The Appeal rightly demands what natural law and natural justice require: that “citizens must be given the opportunity to refuse these restrictions on personal freedom, without any penalty whatsoever being imposed on those who do not wish to use vaccines, contact tracking or any other similar tool.”
Finally, and most important, the Appeal calls Catholic churchmen to their duty before God and man not to consent to the closure of churches and the suppression of divine worship:
“Finally, as Pastors responsible for the flock of Christ, let us remember that the Church firmly asserts her autonomy to govern, worship, and teach. This autonomy and freedom are an innate right that Our Lord Jesus Christ has given her for the pursuit of her proper ends. For this reason, as Pastors we firmly assert the right to decide autonomously on the celebration of Mass and the Sacraments…
“The State has no right to interfere, for any reason whatsoever, in the sovereignty of the Church. Ecclesiastical authorities have never refused to collaborate with the State, but such collaboration does not authorize civil authorities to impose any sort of ban or restriction on public worship or the exercise of priestly ministry. The rights of God and of the faithful are the supreme law of the Church, which she neither intends to, nor can, abdicate. We ask that restrictions on the celebration of public ceremonies be removed.”
A wonderful document indeed, and long overdue. But here is the awful truth about the context in which it appears: We have a Pope who is opposed to everything the document declares and has aligned himself with the very powers the Appeal so courageously opposes. There is simply no denying this. Let Pope Francis’ own words make the case against him:
Opposing the demand of the Italian bishops’ conference for an end to the church closures in Italy, Francis declared, on the contrary: “In this time in which dispositions are beginning to be made for exiting from the quarantine, let’s pray to the Lord that he gives his people, all of us, the grace of prudence and obedience to those dispositions, so the pandemic does not return.”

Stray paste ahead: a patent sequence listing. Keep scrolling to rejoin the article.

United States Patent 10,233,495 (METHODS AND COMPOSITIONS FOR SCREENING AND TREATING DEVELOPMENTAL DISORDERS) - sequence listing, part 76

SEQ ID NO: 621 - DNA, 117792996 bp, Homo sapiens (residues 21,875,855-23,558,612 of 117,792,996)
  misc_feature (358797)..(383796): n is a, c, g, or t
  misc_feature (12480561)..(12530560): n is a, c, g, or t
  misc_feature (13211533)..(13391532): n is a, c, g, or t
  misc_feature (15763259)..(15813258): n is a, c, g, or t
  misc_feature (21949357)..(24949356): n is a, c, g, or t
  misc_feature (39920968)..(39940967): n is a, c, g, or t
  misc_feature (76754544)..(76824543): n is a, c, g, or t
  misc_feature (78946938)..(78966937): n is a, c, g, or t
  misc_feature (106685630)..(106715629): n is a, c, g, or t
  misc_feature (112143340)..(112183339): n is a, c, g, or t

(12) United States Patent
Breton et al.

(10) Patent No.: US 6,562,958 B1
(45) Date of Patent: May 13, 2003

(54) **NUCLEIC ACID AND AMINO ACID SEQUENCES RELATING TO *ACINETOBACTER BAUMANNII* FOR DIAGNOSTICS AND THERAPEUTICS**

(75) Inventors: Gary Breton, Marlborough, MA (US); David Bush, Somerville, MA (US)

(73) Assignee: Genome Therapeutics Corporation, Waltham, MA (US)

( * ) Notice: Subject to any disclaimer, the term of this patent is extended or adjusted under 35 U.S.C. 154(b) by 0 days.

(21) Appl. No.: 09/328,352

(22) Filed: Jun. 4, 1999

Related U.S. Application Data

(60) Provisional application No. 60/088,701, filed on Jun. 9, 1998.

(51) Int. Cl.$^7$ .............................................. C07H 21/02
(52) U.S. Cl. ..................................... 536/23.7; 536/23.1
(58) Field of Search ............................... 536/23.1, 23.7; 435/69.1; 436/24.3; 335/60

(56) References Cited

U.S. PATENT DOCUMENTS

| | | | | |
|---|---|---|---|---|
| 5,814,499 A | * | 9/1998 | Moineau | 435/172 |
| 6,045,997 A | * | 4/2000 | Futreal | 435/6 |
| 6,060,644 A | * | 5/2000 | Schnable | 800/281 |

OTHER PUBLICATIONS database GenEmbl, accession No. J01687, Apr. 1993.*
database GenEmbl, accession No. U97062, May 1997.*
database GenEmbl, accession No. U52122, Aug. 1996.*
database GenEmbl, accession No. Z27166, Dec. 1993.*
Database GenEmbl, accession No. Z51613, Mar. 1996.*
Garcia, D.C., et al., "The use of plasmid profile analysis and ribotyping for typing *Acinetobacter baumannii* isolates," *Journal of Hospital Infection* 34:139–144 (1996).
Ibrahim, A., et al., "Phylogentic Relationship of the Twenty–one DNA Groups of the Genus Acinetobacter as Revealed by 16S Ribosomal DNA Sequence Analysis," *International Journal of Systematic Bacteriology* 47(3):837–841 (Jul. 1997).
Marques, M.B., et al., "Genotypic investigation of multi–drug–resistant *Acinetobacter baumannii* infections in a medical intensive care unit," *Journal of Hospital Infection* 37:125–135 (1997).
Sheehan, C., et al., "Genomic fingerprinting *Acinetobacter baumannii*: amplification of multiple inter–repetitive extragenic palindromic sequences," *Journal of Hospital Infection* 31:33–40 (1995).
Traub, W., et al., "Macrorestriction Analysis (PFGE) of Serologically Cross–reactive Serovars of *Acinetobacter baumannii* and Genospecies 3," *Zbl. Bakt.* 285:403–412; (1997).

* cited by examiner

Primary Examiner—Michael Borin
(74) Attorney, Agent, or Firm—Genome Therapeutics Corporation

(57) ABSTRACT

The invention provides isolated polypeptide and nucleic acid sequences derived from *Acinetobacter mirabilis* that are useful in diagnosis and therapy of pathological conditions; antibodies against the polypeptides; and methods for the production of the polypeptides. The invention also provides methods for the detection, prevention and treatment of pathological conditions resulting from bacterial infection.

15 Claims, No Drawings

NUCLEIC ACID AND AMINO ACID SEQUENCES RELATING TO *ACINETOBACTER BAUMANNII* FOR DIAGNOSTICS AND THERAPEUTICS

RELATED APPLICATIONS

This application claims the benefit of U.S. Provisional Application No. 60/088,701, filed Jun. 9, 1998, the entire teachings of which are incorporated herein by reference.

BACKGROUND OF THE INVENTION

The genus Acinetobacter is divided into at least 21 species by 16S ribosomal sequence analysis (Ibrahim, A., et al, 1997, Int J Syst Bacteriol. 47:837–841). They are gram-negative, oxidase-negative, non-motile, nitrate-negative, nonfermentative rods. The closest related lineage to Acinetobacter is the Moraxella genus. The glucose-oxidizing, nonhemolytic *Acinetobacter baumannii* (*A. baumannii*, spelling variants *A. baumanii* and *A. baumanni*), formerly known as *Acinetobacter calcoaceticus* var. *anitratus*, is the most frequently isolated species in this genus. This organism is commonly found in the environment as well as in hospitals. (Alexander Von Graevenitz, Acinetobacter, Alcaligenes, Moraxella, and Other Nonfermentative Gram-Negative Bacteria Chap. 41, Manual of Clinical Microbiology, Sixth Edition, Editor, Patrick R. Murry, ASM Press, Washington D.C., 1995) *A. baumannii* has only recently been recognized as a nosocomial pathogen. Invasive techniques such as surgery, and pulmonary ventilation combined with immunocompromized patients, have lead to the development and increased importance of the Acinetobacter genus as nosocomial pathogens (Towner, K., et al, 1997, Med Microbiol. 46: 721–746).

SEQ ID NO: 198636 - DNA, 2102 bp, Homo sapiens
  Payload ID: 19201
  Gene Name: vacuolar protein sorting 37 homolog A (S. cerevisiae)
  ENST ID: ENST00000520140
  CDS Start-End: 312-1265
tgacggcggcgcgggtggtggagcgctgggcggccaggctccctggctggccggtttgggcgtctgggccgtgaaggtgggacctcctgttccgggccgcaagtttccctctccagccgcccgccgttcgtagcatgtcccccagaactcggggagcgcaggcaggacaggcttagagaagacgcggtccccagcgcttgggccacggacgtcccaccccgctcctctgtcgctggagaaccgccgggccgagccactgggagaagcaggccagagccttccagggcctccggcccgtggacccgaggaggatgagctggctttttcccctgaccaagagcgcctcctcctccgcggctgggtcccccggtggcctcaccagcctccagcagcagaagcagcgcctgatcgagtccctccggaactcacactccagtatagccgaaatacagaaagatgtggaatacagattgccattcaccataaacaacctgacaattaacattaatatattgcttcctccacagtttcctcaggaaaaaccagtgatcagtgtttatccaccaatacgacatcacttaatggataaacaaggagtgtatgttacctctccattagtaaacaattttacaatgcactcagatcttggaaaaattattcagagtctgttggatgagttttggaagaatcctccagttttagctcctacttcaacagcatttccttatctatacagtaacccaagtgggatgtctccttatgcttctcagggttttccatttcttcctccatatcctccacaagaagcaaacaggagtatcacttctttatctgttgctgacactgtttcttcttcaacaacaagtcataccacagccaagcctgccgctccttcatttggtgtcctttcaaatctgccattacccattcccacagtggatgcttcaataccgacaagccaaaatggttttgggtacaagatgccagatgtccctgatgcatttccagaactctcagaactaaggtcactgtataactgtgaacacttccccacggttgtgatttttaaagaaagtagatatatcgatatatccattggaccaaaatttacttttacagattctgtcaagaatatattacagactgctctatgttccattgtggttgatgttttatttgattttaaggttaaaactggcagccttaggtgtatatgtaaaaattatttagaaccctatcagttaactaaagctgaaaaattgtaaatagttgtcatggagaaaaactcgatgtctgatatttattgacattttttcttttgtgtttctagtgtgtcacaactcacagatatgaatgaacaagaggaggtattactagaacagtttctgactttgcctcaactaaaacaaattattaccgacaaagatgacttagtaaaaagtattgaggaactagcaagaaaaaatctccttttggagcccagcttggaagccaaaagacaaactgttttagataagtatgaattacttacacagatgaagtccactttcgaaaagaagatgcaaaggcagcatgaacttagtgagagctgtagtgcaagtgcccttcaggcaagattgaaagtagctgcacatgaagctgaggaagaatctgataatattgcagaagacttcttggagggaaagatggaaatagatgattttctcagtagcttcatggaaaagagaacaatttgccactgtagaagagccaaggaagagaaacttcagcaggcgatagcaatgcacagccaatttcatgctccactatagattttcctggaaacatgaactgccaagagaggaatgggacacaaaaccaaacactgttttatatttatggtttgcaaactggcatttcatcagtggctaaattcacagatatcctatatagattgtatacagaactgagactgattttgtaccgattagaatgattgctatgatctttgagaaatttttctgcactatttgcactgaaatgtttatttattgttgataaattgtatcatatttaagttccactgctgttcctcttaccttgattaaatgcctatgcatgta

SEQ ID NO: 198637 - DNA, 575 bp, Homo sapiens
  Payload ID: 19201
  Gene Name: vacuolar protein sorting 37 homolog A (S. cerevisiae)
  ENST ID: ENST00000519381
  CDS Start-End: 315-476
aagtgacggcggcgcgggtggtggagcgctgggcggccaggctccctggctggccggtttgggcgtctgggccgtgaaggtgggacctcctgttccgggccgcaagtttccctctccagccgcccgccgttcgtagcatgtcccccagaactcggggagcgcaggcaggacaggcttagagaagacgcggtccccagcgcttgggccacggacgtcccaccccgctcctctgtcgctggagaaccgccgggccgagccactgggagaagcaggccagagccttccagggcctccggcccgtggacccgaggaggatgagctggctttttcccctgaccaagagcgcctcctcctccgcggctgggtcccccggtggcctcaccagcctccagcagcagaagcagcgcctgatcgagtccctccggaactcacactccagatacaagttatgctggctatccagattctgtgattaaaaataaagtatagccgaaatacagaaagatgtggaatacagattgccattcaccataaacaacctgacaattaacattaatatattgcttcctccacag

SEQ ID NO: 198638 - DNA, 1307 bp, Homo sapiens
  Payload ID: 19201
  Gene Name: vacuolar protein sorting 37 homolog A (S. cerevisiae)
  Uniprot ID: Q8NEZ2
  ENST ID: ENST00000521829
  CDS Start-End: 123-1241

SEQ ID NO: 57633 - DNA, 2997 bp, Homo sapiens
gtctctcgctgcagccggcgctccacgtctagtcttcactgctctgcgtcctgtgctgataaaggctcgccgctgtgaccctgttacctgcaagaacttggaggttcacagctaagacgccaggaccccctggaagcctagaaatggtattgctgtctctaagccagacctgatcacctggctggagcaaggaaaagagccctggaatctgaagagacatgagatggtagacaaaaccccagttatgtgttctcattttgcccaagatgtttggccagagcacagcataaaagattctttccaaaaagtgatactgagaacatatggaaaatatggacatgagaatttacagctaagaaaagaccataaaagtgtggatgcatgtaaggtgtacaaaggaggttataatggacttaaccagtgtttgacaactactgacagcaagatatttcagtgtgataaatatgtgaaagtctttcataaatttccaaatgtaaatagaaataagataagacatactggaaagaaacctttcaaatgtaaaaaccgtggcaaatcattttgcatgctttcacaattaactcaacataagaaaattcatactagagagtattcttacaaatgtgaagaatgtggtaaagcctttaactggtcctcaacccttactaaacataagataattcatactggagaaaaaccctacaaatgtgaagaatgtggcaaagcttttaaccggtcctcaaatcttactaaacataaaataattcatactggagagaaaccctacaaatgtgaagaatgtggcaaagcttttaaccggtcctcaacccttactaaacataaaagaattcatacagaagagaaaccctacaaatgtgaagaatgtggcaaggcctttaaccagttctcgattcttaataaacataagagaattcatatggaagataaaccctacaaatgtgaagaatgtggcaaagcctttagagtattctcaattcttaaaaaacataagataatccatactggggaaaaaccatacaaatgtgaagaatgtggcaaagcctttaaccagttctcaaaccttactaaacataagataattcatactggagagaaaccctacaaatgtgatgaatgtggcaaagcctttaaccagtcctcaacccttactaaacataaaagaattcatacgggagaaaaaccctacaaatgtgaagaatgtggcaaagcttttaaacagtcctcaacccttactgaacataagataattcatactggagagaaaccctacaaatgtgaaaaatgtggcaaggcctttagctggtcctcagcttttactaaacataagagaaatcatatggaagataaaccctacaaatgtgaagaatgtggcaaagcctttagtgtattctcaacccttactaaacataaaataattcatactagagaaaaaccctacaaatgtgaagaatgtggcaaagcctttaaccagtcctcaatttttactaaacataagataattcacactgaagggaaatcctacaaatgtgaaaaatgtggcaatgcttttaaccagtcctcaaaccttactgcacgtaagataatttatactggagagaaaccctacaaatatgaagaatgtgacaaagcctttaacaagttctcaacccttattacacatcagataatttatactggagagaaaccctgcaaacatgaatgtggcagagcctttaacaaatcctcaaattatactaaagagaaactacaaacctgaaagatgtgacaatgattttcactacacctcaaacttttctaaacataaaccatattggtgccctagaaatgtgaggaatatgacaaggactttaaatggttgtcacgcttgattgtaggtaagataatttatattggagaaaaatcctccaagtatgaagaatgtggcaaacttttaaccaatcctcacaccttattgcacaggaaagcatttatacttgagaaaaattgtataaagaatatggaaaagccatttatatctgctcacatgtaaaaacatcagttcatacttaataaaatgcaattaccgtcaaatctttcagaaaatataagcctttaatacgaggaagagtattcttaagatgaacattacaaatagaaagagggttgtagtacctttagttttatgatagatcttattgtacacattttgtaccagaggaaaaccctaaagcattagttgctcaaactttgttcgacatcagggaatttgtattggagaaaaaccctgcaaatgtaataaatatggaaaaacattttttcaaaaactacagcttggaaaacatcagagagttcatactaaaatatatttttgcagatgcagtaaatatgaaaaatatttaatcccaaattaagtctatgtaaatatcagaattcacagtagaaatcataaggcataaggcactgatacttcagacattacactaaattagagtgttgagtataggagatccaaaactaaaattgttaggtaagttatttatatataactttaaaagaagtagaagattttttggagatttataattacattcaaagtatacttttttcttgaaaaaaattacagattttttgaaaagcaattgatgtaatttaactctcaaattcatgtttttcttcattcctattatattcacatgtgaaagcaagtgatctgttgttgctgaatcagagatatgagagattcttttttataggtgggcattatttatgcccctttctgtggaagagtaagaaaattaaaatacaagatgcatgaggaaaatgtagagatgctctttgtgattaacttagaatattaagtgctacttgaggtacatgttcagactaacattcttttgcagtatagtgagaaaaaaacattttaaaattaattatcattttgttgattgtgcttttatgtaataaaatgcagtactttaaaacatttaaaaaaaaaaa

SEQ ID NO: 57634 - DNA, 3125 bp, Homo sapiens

As John Allen wryly observed: “All up and down Italy, that crumbling sound you heard was a score of Italian bishops preparing to issue statements criticizing the government who, after the pope finished, threw their drafts into trash cans. Prior to that moment, many Italian bishops probably would have assumed that Francis supported their protests.”
In an article entitled “Pope Francis dreams of post coronavirus world without inequalities,” Nicole Winfield reports that in a homily on April 19, Francis declared: “May we be profoundly shaken by what is happening all around us. The time has come to eliminate inequalities, to heal the injustice that is undermining the health of the entire human family!”
Earlier, in a letter to the president of the Pan-American Committee of Men and Women Judges for Social Rights, Francis declared that the draconian lockdowns imposed by states’ left-leaning governments around the world are “exemplary measures, with priorities that are well targeted at defending the population,” and that even if they “annoy those who find themselves obliged to comply” they “are always for the common good and, by and large, the majority of the people accept them and respond with a positive attitude.”
In short, the Appeal protests efforts by the powers of this world to shackle civil society and the Church on the pretext of a virus, while the Pope applauds them. Surely this astonishing state of affairs belongs among the myriad indications of an “apostasy that begins at the top,” as Cardinal Ciappi famously observed concerning the Third Secret of Fatima.